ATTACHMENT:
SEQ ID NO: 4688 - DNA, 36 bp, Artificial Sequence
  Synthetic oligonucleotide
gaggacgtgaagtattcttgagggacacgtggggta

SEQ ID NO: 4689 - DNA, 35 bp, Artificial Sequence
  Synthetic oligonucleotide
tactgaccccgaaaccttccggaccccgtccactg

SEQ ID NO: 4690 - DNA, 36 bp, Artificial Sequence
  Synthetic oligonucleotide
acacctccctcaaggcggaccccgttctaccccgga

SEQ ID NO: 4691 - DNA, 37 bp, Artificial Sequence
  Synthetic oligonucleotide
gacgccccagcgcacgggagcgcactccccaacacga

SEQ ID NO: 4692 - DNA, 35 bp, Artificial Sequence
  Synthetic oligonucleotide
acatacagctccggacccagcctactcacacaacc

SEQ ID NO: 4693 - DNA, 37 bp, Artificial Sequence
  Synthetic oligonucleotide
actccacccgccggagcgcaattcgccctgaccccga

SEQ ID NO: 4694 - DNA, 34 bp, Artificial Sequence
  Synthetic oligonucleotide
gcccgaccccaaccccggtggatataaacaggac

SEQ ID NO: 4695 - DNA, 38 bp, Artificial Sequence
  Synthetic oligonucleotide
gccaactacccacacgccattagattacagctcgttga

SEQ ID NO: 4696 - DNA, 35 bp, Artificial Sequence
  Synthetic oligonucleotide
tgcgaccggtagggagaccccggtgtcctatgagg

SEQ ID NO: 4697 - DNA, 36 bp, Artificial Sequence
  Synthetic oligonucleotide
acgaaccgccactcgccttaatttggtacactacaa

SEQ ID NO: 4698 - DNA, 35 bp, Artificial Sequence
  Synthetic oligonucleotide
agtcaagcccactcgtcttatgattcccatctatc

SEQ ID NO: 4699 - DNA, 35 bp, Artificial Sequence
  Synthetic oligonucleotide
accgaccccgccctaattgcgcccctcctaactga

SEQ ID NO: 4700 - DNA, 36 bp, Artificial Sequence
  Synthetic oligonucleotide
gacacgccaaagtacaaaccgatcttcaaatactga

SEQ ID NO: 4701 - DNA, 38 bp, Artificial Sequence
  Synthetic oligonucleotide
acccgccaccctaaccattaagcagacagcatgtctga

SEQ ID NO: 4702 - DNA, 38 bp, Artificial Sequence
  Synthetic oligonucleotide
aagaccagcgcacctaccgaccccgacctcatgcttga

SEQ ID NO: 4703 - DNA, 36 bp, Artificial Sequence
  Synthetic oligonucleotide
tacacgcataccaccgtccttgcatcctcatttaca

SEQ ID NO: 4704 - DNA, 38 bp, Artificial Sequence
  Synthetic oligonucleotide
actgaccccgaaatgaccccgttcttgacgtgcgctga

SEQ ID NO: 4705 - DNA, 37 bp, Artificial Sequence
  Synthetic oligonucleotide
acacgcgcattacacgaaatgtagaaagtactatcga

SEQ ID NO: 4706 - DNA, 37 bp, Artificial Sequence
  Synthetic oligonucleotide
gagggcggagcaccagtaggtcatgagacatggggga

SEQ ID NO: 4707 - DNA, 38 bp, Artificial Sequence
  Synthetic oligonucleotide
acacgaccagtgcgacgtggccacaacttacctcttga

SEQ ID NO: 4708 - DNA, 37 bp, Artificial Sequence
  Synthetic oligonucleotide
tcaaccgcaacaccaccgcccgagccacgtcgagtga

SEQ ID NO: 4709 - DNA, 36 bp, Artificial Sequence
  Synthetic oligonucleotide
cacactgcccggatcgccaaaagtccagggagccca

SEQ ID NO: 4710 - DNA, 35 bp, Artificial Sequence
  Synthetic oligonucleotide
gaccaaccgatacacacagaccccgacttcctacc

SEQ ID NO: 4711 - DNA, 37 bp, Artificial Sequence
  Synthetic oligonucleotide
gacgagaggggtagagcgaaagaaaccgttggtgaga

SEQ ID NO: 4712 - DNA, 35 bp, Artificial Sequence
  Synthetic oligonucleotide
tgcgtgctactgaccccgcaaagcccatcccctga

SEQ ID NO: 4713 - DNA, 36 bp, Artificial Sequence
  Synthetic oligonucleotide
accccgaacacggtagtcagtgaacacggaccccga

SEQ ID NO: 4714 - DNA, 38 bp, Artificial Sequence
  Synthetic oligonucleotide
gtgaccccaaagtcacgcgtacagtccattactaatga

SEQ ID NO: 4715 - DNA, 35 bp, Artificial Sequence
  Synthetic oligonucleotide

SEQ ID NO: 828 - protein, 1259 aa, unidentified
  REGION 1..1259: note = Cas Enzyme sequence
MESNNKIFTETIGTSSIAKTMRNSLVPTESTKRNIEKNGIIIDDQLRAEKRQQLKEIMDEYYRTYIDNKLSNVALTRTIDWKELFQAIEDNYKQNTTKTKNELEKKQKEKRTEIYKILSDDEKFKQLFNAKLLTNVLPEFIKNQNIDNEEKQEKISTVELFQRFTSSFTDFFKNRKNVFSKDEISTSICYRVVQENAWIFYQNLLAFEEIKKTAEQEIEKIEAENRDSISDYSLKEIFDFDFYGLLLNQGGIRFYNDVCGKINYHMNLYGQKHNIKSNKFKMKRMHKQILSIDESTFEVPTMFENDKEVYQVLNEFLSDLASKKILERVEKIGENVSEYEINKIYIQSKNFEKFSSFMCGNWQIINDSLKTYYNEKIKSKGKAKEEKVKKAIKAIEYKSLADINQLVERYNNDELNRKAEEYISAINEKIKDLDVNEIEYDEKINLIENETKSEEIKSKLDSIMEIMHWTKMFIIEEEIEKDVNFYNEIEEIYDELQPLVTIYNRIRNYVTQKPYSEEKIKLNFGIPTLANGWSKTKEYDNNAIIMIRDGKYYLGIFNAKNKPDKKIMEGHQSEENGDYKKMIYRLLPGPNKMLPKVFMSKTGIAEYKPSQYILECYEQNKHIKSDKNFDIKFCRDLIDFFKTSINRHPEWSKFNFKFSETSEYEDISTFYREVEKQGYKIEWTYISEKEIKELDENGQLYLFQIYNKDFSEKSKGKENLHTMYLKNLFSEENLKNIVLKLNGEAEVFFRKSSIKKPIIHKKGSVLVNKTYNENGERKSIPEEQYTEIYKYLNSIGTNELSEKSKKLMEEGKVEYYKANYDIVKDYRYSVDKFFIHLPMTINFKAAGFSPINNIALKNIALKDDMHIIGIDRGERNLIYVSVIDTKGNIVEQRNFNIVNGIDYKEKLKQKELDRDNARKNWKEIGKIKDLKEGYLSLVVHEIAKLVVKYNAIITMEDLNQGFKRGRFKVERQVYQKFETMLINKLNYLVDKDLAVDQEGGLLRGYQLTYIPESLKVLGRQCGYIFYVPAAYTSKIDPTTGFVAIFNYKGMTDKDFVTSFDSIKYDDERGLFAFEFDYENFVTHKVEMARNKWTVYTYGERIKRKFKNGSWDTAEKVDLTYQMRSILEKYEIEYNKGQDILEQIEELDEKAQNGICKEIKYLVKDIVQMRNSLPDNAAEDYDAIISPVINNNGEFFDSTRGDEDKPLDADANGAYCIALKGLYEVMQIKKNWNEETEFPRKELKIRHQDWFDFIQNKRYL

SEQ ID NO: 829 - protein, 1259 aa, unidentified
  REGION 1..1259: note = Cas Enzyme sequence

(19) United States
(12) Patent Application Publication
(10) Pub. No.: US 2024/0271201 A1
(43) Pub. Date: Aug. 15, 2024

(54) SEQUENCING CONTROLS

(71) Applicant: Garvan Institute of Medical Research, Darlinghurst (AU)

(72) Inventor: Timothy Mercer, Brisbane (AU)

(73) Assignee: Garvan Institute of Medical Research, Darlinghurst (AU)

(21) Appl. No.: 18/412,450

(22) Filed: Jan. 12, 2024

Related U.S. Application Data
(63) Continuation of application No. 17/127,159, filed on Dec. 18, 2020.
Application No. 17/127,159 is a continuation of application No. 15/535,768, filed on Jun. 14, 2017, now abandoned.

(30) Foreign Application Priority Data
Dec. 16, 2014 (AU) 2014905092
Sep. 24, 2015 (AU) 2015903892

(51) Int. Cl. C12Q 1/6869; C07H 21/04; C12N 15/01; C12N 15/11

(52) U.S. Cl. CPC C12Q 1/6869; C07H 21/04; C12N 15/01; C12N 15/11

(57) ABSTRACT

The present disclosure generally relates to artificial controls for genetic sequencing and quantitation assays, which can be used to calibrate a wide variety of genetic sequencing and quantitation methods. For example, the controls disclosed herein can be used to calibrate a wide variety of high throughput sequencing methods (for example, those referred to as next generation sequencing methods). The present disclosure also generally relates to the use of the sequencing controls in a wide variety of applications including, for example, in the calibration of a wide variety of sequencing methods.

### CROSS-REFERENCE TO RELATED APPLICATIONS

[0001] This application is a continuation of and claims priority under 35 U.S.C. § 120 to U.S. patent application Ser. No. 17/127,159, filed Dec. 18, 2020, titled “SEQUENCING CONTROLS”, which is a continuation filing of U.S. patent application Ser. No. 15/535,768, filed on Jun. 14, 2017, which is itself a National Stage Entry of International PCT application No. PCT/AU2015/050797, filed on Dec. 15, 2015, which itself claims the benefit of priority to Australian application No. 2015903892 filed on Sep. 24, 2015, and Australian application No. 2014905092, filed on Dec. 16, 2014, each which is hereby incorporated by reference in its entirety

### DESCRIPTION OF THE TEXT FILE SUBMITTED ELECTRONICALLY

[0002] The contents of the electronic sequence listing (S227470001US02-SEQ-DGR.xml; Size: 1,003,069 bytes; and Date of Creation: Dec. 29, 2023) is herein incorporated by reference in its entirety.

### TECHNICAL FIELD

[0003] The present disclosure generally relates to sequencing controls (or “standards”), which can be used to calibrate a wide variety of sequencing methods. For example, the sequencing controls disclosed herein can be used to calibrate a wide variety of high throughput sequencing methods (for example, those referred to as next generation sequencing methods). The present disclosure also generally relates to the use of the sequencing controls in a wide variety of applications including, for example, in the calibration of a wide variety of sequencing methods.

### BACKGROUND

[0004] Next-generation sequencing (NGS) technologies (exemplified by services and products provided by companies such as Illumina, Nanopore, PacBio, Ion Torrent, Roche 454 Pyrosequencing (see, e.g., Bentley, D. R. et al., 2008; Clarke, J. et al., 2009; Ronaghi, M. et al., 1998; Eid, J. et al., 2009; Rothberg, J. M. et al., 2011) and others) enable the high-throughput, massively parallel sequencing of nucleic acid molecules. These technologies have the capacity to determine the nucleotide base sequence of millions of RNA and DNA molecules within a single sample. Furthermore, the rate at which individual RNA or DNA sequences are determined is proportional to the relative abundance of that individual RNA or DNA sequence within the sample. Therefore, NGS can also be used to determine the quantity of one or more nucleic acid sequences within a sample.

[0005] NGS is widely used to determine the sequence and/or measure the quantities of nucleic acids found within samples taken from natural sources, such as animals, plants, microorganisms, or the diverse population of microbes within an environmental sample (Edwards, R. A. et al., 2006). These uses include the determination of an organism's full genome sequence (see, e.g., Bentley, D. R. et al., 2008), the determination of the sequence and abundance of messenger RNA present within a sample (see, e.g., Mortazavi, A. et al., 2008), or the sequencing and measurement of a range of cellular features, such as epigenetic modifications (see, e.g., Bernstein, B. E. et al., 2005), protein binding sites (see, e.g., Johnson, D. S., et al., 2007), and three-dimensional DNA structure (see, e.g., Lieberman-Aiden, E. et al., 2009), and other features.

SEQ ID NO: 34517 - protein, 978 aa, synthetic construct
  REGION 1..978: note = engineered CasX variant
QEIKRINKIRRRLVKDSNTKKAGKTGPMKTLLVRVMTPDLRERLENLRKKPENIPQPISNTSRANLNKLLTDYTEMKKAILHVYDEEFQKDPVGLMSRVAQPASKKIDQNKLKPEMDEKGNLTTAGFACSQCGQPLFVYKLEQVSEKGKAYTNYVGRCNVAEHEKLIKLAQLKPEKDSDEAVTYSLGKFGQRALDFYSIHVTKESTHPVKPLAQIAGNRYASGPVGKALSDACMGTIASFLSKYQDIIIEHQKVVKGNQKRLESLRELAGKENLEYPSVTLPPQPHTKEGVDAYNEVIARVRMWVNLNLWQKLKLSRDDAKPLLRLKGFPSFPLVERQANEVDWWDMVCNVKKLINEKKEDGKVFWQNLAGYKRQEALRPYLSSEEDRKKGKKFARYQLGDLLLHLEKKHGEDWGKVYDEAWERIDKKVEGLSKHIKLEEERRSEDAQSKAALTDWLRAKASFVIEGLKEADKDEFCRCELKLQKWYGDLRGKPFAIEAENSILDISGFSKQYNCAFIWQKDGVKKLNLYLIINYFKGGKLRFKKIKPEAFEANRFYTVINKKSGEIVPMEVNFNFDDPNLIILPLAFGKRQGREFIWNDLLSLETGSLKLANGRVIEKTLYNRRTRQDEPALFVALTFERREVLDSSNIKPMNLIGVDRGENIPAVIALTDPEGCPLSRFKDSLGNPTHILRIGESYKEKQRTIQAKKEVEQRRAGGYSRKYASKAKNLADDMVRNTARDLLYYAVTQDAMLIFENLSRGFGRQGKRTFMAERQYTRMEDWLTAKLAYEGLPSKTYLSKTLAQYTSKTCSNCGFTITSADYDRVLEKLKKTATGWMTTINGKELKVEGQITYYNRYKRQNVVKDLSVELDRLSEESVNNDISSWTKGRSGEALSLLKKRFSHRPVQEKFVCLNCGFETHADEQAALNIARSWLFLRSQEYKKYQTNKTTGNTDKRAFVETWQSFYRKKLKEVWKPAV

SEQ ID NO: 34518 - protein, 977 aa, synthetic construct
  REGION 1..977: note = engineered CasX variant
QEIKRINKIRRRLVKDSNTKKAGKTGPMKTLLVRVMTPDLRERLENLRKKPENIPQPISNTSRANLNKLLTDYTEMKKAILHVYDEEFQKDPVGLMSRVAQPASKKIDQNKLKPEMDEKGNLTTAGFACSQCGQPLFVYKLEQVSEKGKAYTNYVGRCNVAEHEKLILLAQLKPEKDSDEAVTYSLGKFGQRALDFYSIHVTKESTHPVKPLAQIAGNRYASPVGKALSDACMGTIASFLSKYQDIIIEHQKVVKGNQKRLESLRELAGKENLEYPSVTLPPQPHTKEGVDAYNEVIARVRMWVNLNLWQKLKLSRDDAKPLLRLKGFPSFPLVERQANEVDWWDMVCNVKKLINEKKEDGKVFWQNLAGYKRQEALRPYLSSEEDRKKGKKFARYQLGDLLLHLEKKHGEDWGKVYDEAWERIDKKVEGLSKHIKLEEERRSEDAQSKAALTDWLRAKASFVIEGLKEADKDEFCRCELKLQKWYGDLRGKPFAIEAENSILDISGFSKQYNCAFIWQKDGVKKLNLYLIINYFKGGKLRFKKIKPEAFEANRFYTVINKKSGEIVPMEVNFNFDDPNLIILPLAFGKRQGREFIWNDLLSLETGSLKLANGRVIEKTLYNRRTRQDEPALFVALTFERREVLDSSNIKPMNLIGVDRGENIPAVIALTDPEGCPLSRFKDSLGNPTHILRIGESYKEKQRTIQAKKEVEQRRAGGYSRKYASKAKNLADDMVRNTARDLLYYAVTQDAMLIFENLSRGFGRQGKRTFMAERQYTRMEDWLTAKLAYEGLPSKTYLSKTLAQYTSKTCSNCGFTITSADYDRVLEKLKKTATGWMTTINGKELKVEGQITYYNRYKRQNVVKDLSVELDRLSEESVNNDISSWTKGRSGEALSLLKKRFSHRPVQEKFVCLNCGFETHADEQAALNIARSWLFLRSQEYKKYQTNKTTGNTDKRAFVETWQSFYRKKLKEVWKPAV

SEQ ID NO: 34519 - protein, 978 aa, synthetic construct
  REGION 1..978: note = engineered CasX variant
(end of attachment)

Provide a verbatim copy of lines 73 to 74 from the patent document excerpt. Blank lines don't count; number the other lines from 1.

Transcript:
SEQ ID NO: 4712 - DNA, 35 bp, Artificial Sequence
  Synthetic oligonucleotide